WVU Ready for Conference Play
MORGANTOWN – It took three scorers in double figures – one with a career high – and a sterling free-throw performance for West Virginia to hold off Eastern Kentucky, 74-67, Sunday
For coach Bob Huggins’ Mountaineers (7-5), it was the third straight victory heading into the Big 12 portion of the schedule. Guards Gary Browne and Juwan Staten had 17 – for Browne it was a career best – and Deniz Kilicli added 10.
For Jeff Neubauer’s Colonels (10-3), gunner Glenn Cosey knocked down a game-high 21 points. Mike DiNunno and reserve Orlando Williams chipped in with 10 apiece.
Cosey (8 of 14) threw in 5 of 10 3-point shots. It was the long bombs that brought the visiting Colonels back after they trailed by 16 points 2 minutes after hafltime.
From 1:45 of the first half to 17:43 of the second half, the Colonels hit four straight 3-points shots to give them their only points of the span. Cosey hit the last two 3-pointers of the first half.
In the first half, the Colonels mustered only 3 of 10 from distance as they shot a poor 27.6 percent (8 of 29) from the field. It was West Virginia’s second-best 3-point defense, in terms of percentage, for the season.
Eastern Kentucky connected on 11 of 26 (44.6 percent) versus 20 of 49 made shots (40.8 percent) for WVU for the game. The Mountaineers missed 10 of 12 3s in the second half.
The difference for West Virginia came at the foul line, where, coming in, it was hitting a respectable 70.2 percent.
“We just need to continue playing 40 minutes. We came out tough and played great defense, made shots and I thought we were going to put them away early, but we let them creep back in it in the second half and we had to grind it out. We just have to put two halves together,” said Staten, who came just shy of his career-high 18 points.
“Free throw shooting was great for us. It’s something that we’ve been concentrating a lot on in practice every day. We make sure that we shoot 100 in practice and if we get to practice early, we make sure we shoot extra free throws.”
Against EKU, WVU knocked in 32 of 39 of the foul shots (82.1 percent). The Colonels bagged 6 of 11 (54.5 percent).
Eastern Kentucky chose to put the Mountaineers on the line in the game’s final 10 minutes and the home team returned fire, making 90 percent (18 of 20) of then. Of those 18 points, Browne contributed six from the line. Reserve center Dominique Rutledge contributed five.
Rutledge, who was 5 of 6 from the line, also contributed three blocks. He made a key defensive play with 1:31 remaining – he took a charge near the lane – and West Virginia went ahead 68-64 after Browne’s consecutive foul shots.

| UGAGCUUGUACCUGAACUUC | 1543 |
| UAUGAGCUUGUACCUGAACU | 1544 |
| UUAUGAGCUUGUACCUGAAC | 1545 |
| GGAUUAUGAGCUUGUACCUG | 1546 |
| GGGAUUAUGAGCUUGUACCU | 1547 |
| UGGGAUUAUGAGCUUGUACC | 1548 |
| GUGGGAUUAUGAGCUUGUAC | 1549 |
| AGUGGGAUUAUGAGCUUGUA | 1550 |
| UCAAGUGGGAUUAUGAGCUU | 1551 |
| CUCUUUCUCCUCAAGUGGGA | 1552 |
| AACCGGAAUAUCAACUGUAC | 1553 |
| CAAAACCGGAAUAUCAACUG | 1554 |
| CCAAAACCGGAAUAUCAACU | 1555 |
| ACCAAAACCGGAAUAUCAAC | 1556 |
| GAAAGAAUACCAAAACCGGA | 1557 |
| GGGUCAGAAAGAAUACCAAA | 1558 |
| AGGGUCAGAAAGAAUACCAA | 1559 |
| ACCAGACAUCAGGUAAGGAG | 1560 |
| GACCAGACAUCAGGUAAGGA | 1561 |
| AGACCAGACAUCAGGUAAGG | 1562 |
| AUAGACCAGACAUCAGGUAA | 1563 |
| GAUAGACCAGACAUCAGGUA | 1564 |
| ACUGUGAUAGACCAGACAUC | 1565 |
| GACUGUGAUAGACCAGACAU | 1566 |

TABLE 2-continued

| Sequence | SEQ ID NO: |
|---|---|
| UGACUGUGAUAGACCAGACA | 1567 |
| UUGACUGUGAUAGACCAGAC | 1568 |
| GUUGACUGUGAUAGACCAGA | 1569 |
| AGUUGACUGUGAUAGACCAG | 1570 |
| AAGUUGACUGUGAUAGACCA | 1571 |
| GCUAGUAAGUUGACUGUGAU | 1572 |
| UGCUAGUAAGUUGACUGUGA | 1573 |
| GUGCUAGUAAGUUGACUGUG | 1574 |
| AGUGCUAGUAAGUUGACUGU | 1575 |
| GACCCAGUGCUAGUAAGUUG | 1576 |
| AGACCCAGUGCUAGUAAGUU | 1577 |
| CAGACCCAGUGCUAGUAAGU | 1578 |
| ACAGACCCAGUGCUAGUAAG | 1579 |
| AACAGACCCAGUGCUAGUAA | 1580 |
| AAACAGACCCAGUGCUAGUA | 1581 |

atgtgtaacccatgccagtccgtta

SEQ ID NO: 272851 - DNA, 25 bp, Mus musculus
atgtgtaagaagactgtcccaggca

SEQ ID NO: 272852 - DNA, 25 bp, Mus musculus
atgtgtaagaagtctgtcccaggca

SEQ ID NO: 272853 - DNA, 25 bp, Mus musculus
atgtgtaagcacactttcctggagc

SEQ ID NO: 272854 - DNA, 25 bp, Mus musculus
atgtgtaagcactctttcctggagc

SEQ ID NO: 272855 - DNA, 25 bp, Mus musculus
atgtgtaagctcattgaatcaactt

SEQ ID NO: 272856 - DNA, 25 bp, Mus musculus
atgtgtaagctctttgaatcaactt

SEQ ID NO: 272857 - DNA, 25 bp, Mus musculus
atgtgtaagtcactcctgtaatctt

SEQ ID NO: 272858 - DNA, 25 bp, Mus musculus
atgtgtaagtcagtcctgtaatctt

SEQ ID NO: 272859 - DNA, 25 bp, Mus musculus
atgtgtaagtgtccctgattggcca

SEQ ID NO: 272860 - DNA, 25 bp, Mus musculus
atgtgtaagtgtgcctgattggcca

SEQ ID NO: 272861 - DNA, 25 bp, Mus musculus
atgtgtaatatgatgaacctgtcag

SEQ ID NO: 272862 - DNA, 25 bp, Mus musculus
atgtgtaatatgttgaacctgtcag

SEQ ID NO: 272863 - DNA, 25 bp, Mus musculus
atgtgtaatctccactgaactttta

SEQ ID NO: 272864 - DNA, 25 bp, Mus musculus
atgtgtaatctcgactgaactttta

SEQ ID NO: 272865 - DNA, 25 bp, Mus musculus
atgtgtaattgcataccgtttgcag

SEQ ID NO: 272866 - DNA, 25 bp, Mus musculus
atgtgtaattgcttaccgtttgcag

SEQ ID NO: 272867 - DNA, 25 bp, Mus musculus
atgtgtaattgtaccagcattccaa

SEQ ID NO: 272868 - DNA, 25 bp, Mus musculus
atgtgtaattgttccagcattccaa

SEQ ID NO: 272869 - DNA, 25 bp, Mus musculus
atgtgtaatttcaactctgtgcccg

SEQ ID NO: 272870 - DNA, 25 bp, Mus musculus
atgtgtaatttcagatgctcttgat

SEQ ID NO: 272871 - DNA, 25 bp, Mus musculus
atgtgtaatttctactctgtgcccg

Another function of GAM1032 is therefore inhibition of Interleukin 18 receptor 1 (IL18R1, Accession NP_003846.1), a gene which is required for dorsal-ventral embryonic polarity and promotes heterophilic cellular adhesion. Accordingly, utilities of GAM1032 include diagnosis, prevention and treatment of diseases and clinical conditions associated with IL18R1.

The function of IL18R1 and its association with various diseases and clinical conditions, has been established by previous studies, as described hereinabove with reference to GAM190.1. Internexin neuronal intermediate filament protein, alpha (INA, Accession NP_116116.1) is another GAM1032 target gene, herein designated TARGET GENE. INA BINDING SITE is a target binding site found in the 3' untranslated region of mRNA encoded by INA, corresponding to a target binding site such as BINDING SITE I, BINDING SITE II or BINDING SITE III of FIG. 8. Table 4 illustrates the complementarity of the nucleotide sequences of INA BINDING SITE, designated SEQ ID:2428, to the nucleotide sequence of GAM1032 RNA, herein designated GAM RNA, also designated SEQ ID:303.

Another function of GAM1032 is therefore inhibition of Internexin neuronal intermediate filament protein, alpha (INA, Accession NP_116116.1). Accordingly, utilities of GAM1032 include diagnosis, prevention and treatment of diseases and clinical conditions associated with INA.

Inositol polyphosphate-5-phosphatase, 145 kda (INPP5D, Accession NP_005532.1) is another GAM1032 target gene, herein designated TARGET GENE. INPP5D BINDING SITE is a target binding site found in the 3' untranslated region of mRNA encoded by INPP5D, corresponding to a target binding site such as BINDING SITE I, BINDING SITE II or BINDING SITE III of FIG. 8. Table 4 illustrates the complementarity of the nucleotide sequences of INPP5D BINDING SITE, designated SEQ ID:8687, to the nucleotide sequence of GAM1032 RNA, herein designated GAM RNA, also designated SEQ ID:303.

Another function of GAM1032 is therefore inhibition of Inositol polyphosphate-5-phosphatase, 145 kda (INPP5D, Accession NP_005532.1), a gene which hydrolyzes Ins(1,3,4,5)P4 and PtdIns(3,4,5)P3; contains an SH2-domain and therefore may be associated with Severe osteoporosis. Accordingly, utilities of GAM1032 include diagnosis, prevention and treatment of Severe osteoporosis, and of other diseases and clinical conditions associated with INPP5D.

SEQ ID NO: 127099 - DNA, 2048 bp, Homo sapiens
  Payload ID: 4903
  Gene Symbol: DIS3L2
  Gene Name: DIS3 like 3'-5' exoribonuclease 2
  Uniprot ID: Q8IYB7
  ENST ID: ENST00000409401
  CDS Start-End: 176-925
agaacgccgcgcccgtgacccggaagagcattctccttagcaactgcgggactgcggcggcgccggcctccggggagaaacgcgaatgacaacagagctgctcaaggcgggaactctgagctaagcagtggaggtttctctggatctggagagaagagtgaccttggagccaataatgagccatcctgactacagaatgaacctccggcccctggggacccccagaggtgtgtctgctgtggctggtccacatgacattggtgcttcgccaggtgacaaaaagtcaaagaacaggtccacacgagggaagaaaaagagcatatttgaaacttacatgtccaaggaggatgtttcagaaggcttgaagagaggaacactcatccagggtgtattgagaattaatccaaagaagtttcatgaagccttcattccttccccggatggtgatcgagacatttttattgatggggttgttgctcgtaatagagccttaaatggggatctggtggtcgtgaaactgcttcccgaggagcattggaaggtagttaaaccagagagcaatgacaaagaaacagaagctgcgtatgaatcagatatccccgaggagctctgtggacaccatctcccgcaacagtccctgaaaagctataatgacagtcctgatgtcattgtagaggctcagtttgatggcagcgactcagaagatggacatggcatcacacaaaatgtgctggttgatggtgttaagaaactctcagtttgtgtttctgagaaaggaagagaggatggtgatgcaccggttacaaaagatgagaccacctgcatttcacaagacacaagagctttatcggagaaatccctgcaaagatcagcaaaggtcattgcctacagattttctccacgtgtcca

On the ensuing possession, Aaric Murray, who was averaging 17.5 points the last two games, chimed in with two foul shots to make the scoreboard read 70-64 with 47.7 remaining. As it turned out, those were the last points the Mountaineers needed to polish off the non-BCS foe.
“Dom (Rutledge) definitely has the talent. Sometimes, he’s in and out at times but he’s getting better with that,” said Staten.
“That charge was great because if he hadn’t taken that charge, they were probably going to score. It was a big play in a crucial part of the game – it was a great play.”
Browne, who played 30 of 40 minutes after entering the game early, was 10 of 11 from the line. He had six rebounds, two assists, two steals and just one turnover.
“Our guards in general have been trying to put a lot of pressure on the rim and get a lot of paint touches. We’ve been concentrating hard on just driving the ball and getting shots for teammates but today he (Browne) was getting fouled and getting to the line and he was knocking them down,” said Staten.
Staten was 4 of 6 from the field, made all nine free throws, hoarded four rebounds and handed out six assists in 36 minutes.
Kilicli, a starter who had scored just five points during the last two games, was in double figures for the first time since scoring 21 against Marshall Dec. 5.
WVU has won 46 of its last 47 nonconference games at home.
“First of all, I’m really pleased and proud of how our guys fought back in the second half. In the first half we really tried to do what we normally do offensively and I felt that we could come into the game and it proved after 20 minutes of basketball that we needed to ball screen, ball screen, ball screen. Our guards, especially Mike DiNunno, really did a good job of getting into the paint and creating for others,” said Neubauer.